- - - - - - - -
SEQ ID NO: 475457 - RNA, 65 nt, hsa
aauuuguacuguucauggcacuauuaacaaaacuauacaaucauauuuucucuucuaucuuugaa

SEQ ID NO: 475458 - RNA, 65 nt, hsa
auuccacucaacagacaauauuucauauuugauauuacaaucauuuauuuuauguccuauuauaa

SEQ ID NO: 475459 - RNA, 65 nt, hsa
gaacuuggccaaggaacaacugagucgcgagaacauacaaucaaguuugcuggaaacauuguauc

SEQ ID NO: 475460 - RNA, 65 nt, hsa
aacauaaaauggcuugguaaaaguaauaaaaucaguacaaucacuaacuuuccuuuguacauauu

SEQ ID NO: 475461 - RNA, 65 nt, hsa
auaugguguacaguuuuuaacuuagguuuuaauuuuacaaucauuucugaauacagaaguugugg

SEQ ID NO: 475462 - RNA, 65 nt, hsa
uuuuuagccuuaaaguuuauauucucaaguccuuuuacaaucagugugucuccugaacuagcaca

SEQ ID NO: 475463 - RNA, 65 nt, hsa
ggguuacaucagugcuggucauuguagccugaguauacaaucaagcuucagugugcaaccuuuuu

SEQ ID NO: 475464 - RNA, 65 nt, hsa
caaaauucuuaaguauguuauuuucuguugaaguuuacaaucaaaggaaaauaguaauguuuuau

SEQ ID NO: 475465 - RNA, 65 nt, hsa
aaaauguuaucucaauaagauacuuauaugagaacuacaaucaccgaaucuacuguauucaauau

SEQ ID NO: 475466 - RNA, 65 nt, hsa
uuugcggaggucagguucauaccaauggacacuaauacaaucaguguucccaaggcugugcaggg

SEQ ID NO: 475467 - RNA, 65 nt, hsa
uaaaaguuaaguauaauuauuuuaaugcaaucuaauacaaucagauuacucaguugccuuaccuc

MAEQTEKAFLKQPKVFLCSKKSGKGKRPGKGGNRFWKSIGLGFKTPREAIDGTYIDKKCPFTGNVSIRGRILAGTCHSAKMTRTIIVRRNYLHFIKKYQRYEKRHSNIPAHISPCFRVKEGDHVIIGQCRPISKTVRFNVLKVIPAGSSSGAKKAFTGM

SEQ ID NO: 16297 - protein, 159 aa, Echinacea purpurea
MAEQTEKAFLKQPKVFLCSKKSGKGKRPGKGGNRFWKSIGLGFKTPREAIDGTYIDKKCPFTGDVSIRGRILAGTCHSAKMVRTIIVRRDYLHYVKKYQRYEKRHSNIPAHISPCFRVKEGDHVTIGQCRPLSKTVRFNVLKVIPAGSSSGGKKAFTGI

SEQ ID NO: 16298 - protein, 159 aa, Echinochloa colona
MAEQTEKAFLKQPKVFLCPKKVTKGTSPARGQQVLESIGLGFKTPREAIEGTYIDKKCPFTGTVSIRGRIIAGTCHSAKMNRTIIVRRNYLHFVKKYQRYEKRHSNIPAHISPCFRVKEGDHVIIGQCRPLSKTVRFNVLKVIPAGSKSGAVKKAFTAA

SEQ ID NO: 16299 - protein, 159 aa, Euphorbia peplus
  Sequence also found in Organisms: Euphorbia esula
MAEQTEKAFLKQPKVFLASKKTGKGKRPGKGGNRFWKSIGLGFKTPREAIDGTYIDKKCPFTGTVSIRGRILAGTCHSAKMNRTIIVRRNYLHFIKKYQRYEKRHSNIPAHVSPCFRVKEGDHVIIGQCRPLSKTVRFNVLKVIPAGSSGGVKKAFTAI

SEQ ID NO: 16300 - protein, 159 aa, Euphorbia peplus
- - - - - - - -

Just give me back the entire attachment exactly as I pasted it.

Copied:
SEQ ID NO: 475457 - RNA, 65 nt, hsa
aauuuguacuguucauggcacuauuaacaaaacuauacaaucauauuuucucuucuaucuuugaa

SEQ ID NO: 475458 - RNA, 65 nt, hsa
auuccacucaacagacaauauuucauauuugauauuacaaucauuuauuuuauguccuauuauaa

SEQ ID NO: 475459 - RNA, 65 nt, hsa
gaacuuggccaaggaacaacugagucgcgagaacauacaaucaaguuugcuggaaacauuguauc

SEQ ID NO: 475460 - RNA, 65 nt, hsa
aacauaaaauggcuugguaaaaguaauaaaaucaguacaaucacuaacuuuccuuuguacauauu

SEQ ID NO: 475461 - RNA, 65 nt, hsa
auaugguguacaguuuuuaacuuagguuuuaauuuuacaaucauuucugaauacagaaguugugg

SEQ ID NO: 475462 - RNA, 65 nt, hsa
uuuuuagccuuaaaguuuauauucucaaguccuuuuacaaucagugugucuccugaacuagcaca

SEQ ID NO: 475463 - RNA, 65 nt, hsa
ggguuacaucagugcuggucauuguagccugaguauacaaucaagcuucagugugcaaccuuuuu

SEQ ID NO: 475464 - RNA, 65 nt, hsa
caaaauucuuaaguauguuauuuucuguugaaguuuacaaucaaaggaaaauaguaauguuuuau

SEQ ID NO: 475465 - RNA, 65 nt, hsa
aaaauguuaucucaauaagauacuuauaugagaacuacaaucaccgaaucuacuguauucaauau

SEQ ID NO: 475466 - RNA, 65 nt, hsa
uuugcggaggucagguucauaccaauggacacuaauacaaucaguguucccaaggcugugcaggg

SEQ ID NO: 475467 - RNA, 65 nt, hsa
uaaaaguuaaguauaauuauuuuaaugcaaucuaauacaaucagauuacucaguugccuuaccuc

MAEQTEKAFLKQPKVFLCSKKSGKGKRPGKGGNRFWKSIGLGFKTPREAIDGTYIDKKCPFTGNVSIRGRILAGTCHSAKMTRTIIVRRNYLHFIKKYQRYEKRHSNIPAHISPCFRVKEGDHVIIGQCRPISKTVRFNVLKVIPAGSSSGAKKAFTGM

SEQ ID NO: 16297 - protein, 159 aa, Echinacea purpurea
MAEQTEKAFLKQPKVFLCSKKSGKGKRPGKGGNRFWKSIGLGFKTPREAIDGTYIDKKCPFTGDVSIRGRILAGTCHSAKMVRTIIVRRDYLHYVKKYQRYEKRHSNIPAHISPCFRVKEGDHVTIGQCRPLSKTVRFNVLKVIPAGSSSGGKKAFTGI

SEQ ID NO: 16298 - protein, 159 aa, Echinochloa colona
MAEQTEKAFLKQPKVFLCPKKVTKGTSPARGQQVLESIGLGFKTPREAIEGTYIDKKCPFTGTVSIRGRIIAGTCHSAKMNRTIIVRRNYLHFVKKYQRYEKRHSNIPAHISPCFRVKEGDHVIIGQCRPLSKTVRFNVLKVIPAGSKSGAVKKAFTAA

SEQ ID NO: 16299 - protein, 159 aa, Euphorbia peplus
  Sequence also found in Organisms: Euphorbia esula
MAEQTEKAFLKQPKVFLASKKTGKGKRPGKGGNRFWKSIGLGFKTPREAIDGTYIDKKCPFTGTVSIRGRILAGTCHSAKMNRTIIVRRNYLHFIKKYQRYEKRHSNIPAHVSPCFRVKEGDHVIIGQCRPLSKTVRFNVLKVIPAGSSGGVKKAFTAI

SEQ ID NO: 16300 - protein, 159 aa, Euphorbia peplus